Ah, so once again we have the old same-events-shown-through-the-eyes-of-different-characters-because-we’re-all-unreliable-narrators-and-everything-is-always-ultimately-subjective approach to storytelling.
The lighthearted comedy whodunit “The Afterparty” employs what has become a fairly common formal twist, the “Rashomon”-like technique that rejects omniscience and throws a variety of points of view up against one another. “The Affair” used it weekly for dramatic purposes, and a host of other series — “How I Met Your Mother,” “The X-Files,” “All in the Family” — have toyed with it in individual episodes, giving us a collection of untrustworthy narrators and questionable and conflicting facts.
And it works like a charm on the entertainingly playful new Apple TV+ show, which premieres on Friday. “The Afterparty” is set at the after-party of a 15-year high school reunion, where Xavier (Dave Franco), a now-famous and obnoxious Justin Bieber-like pop star, has been murdered. Tiffany Haddish’s detective, with the TV-cop-like name of Danner, shows up on the scene and requires the guests to stay into the morning, to give their statements. In Xavier’s sleek, modern Bay Area home, she sits back, gets her popcorn ready, and listens to what she calls their “mind movies.”
Each of the guests recounts the night’s events to her from their own perspective, one per episode, eight episodes in all (seven of which were made available for review). More cleverly, each episode unfolds in a different genre style, to match the teller’s personality — a rom-com for one, an action thriller for another, and animation for yet another. Show creator and director Christopher Miller takes care to evoke each of the genres vividly and humorously, and yet he also blends them together smoothly so the series doesn’t feel fractured from half-hour to half-hour. The episode featuring Ben Schwartz’s POV is a standout, as his character, wannabe musician Yasper, stars in a musical version of the night (including a “Hamilton” goof with the line, “We all get one shot . . . twice”). Schwartz — he was Jean-Ralphio Saperstein on “Parks and Recreation” — gets to display his broad range of skills and walks away with the show a number of times.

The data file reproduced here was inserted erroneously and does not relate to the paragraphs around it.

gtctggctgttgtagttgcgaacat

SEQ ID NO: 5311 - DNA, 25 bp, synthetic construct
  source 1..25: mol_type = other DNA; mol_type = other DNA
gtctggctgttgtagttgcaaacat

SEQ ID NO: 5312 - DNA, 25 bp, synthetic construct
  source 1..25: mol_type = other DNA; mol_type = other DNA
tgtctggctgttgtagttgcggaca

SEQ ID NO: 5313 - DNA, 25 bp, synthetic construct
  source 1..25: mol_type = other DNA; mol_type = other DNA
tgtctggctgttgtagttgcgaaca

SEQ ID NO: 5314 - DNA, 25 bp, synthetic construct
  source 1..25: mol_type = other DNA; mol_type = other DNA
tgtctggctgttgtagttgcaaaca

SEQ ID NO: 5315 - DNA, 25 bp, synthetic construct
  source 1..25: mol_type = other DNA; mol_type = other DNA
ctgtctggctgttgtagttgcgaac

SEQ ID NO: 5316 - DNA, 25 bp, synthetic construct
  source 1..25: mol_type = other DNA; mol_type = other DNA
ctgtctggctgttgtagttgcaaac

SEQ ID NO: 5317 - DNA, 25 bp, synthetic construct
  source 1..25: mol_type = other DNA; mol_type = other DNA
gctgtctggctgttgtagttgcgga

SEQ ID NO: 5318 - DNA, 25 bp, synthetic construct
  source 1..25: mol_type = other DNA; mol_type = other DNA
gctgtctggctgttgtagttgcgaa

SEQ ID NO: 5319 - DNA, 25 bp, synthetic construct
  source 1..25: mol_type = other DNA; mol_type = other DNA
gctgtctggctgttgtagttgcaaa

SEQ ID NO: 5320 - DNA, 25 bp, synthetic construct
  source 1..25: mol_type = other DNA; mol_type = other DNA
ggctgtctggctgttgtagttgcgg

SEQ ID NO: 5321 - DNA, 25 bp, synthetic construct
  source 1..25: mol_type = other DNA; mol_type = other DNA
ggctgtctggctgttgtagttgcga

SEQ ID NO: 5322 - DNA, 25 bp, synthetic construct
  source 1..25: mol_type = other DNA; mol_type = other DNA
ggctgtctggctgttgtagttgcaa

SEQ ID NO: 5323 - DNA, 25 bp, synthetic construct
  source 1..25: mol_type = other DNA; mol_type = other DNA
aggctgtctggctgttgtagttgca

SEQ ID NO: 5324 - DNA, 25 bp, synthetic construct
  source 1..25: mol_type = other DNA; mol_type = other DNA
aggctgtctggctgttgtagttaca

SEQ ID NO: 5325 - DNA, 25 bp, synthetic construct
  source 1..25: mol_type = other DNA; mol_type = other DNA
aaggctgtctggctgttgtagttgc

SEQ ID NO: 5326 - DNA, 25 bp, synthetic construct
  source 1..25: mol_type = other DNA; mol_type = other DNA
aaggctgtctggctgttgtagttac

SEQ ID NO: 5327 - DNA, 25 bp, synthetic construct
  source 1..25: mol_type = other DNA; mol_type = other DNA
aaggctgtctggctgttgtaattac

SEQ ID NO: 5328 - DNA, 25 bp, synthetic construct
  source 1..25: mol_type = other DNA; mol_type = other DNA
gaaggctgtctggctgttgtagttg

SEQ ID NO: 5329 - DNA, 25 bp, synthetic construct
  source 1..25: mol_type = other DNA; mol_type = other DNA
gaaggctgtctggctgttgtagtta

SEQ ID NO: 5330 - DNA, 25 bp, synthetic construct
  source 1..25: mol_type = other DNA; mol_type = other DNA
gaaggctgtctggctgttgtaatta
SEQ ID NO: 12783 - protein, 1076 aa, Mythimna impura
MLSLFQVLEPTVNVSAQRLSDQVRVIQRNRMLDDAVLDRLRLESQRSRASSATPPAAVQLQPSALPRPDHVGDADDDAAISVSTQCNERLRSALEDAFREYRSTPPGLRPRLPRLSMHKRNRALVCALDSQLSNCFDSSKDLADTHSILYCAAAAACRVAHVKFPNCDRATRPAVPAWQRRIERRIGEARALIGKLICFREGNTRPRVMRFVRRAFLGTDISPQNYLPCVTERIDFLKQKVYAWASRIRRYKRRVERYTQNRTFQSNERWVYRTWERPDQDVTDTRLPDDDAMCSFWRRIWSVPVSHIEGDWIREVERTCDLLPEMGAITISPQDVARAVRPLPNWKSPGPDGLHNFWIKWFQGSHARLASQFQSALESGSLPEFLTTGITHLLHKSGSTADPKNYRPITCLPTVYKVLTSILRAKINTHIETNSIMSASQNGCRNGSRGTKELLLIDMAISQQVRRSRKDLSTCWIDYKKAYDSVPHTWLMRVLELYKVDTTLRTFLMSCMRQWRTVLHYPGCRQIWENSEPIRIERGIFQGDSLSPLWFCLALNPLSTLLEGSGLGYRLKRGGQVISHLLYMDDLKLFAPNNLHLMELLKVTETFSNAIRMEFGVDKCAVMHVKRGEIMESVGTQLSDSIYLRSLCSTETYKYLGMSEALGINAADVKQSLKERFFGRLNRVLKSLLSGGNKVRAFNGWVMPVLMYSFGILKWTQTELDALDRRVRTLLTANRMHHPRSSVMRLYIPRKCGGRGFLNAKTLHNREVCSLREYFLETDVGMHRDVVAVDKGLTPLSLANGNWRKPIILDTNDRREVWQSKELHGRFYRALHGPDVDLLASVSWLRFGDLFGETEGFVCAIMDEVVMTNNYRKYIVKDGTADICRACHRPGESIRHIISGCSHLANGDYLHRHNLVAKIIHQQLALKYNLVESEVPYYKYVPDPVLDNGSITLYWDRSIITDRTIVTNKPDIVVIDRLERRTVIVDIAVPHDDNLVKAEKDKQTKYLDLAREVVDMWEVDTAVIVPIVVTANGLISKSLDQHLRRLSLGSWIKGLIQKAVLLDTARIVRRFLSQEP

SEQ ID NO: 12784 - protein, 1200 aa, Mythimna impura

Sam Richardson plays Aniq, the guy everyone, including Detective Danner, thinks must be the murderer. He’s clearly a gentle soul — his “mind movie” is the rom-com, because he has had a long-term crush on former classmate Zoe (Zoë Chao) — but he clearly didn’t like watching Xavier put heavy moves on her throughout the night. Richardson, from “Veep” and “Detroiters,” is one of the show’s anchors, as a reticent, appealingly ordinary guy who has been pulled into a mess, and who is surrounded by a few bigger types, most notably his hyper-extroverted pal Yasper. He’s also feeling the presence of Ike Barinholtz’s Brett, a coarse lug who is Zoe’s ex. In Brett’s mind movie episode, he is an action hero.
The inventive structure distinguishes “The Afterparty,” and the strong ensemble makes it all special. The whodunit, and who actually done it, is always secondary to the comic turns and the antic tone — somewhat in the manner of Hulu’s “Only Murders in the Building.” They are whofunits™. The cast makes even the silliest gags — one involving a literal pissing contest, another involving handwriting and the spelling of the word diarrhea — into part of the overall good time. Haddish is perfectly cast as the no-baloney, sardonic detective, and John Early is a treat as her persnickety partner. Ilana Glazer plays a little against type, as a quiet one-time valedictorian who has fallen apart emotionally, and Jamie Demetriou works and reworks his character’s single bit — he remembers everyone, no one remembers him — miraculously throughout the season. Like everyone else in “The Afterparty,” he is game for anything.
Starring: Tiffany Haddish, Sam Richardson, Ben Schwartz, Zoë Chao, Dave Franco, Ike Barinholtz, Ilana Glazer, Jamie Demetriou, Genevieve Angelson, John Early
On: Apple TV+. Premieres Friday